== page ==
A week ago, someone put black tape over the portraits of African-American professors at Harvard Law School. The incident, which is being investigated as a hate crime, did not surprise or anger me. But the reaction of some professors and members of the administration to the student activism that followed the act has. The message imbedded in their op-eds and community meetings have been clear: students of color, keep silent. Your voice is not valued and your activism is not warranted.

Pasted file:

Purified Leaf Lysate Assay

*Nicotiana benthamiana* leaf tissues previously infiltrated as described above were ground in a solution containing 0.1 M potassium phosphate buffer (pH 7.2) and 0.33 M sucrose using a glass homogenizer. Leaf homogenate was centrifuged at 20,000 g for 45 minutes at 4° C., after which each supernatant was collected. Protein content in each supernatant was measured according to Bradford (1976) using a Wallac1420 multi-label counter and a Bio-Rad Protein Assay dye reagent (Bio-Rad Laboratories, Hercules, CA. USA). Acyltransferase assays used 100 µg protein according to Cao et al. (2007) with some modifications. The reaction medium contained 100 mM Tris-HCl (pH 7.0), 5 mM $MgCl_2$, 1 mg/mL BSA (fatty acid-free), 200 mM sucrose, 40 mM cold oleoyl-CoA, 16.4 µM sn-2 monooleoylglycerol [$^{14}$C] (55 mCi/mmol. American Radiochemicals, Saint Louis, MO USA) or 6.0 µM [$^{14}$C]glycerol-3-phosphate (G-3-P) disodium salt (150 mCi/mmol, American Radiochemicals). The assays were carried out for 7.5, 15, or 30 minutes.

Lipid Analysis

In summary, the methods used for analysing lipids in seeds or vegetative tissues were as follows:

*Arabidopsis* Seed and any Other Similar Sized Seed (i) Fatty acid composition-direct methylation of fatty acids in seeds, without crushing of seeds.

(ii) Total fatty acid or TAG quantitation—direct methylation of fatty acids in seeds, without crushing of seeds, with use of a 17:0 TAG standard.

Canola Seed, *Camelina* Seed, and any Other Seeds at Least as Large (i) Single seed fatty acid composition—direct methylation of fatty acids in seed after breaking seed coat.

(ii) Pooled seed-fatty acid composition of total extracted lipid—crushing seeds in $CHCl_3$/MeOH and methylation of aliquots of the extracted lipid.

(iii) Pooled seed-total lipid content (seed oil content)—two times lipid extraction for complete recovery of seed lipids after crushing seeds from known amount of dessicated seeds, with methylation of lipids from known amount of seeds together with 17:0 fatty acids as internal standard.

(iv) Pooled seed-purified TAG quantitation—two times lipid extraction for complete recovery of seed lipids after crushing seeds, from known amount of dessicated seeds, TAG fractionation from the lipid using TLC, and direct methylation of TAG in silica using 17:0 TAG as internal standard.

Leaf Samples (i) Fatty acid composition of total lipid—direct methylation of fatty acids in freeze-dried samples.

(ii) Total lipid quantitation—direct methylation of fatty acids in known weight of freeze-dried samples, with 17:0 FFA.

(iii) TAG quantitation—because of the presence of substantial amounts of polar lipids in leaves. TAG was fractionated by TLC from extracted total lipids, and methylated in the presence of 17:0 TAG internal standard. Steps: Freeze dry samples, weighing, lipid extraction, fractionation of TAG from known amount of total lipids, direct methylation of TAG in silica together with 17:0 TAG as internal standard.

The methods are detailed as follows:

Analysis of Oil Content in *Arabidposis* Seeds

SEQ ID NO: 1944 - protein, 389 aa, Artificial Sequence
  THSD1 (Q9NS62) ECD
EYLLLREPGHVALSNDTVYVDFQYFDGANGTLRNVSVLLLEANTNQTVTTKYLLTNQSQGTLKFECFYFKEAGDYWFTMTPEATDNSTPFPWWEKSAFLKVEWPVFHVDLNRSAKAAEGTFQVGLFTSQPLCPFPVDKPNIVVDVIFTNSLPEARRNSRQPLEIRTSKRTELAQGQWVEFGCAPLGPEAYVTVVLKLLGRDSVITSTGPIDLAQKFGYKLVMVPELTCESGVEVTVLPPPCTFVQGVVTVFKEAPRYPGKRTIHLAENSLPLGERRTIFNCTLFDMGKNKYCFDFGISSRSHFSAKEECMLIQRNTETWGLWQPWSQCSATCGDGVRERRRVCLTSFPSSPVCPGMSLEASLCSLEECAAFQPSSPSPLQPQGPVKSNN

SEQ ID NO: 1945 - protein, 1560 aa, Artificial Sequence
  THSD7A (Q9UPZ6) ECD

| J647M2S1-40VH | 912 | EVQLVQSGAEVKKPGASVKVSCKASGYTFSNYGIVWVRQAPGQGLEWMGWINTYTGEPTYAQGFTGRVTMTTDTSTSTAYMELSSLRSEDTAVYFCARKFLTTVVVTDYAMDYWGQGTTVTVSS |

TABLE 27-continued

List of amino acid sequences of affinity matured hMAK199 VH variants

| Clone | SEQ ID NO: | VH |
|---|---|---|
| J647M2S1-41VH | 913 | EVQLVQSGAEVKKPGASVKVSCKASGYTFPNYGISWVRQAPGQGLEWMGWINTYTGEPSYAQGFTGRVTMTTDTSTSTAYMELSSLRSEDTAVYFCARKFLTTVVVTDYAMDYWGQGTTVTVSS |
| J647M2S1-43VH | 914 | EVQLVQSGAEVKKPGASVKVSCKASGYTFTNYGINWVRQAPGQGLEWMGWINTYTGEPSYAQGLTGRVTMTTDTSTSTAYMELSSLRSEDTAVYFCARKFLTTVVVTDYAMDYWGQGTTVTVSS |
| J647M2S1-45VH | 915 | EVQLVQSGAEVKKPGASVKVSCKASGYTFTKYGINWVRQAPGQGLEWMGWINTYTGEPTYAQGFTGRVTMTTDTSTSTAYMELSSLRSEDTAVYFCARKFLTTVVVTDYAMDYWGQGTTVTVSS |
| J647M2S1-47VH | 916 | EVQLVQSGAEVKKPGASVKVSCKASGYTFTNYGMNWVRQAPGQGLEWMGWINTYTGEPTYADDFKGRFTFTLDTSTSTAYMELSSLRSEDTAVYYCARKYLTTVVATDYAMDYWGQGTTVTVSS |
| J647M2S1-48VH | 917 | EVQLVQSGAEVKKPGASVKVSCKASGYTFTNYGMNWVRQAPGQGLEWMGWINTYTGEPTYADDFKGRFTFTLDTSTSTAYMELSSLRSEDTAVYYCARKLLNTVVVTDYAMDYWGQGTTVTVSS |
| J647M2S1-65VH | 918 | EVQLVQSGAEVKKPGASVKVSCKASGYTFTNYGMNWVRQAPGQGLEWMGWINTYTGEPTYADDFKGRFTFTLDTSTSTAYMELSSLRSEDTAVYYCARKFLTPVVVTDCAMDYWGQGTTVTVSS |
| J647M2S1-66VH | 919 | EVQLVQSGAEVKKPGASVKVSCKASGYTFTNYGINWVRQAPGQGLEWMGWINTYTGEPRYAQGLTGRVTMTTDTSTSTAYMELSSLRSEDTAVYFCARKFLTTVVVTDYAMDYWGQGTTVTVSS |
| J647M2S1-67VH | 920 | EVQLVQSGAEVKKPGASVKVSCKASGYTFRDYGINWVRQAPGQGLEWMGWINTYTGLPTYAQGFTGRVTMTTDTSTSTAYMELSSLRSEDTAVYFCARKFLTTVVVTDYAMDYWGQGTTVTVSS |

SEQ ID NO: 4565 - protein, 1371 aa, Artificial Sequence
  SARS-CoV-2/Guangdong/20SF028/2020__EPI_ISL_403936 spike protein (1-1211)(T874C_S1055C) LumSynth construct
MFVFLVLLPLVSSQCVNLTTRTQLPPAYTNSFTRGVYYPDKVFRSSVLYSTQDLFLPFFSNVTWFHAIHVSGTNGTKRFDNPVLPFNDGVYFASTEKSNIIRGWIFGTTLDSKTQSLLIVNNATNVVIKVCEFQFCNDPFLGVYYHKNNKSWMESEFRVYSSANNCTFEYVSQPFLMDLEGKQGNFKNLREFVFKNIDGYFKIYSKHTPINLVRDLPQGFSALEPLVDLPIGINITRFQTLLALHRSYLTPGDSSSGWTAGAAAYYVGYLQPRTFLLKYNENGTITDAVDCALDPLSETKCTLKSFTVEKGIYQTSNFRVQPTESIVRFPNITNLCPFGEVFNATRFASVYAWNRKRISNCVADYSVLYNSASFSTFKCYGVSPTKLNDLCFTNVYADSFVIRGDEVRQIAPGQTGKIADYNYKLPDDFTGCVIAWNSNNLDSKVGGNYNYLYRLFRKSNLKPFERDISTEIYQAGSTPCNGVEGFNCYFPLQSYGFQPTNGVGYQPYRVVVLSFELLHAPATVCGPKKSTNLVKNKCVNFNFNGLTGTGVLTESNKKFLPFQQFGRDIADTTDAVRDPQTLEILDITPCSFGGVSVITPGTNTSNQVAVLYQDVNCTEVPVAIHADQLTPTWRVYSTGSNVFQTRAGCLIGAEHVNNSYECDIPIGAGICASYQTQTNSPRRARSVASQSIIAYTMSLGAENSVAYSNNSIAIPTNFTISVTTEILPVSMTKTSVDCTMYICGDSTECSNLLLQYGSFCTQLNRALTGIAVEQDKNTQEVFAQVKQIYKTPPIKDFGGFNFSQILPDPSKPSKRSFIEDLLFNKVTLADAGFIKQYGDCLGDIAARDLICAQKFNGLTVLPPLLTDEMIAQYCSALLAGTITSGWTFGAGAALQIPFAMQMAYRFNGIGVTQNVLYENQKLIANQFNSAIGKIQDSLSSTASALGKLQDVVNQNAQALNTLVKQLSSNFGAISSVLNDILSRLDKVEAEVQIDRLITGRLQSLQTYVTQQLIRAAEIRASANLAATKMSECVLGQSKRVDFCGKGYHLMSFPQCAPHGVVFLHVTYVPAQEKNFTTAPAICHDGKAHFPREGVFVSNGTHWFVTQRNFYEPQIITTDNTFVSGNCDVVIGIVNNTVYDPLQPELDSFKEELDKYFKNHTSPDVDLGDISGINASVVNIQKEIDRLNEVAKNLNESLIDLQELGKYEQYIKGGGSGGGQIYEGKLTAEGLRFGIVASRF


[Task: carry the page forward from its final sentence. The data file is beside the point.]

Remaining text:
Ironically, a black professor whose portrait was defaced has responded by using his words as a tool to silence students protesting racial apathy at HLS. In his recent op-ed, Professor Randall Kennedy asked dissidents (code word students of color) to tell him “with as much particularity as possible” why we feel “burdened, alienated, disrespected, oppressed.” Professor Kennedy categorized several concerns students raised as having a “ring of validity” but disregarded most as “dubious” and “exaggerating the scope of the racism that the activists oppose and fear.” By concluding that students are displaying “excessive vulnerability” and “nurturing an inflated sense of victimization” when we say we perceive racism in the way our classes fail to contextualize our legal education or when we use permanent marker to “x” out the Royall family crest on our HLS gear in a small act of rebellion against the visual embodiment of this institution’s legacy of slavery, Professor Kennedy proclaims our view of racism invalid and our proposals for change inadequate for the long-term. He re-categorizes our advocacy as an attempt to get attention instead of a call to have a real stake in identifying and addressing the problems around race that exist at HLS. Continue reading “#HLSUntaped: Despite the Call to Be Silent, I’ve Decided to Scream“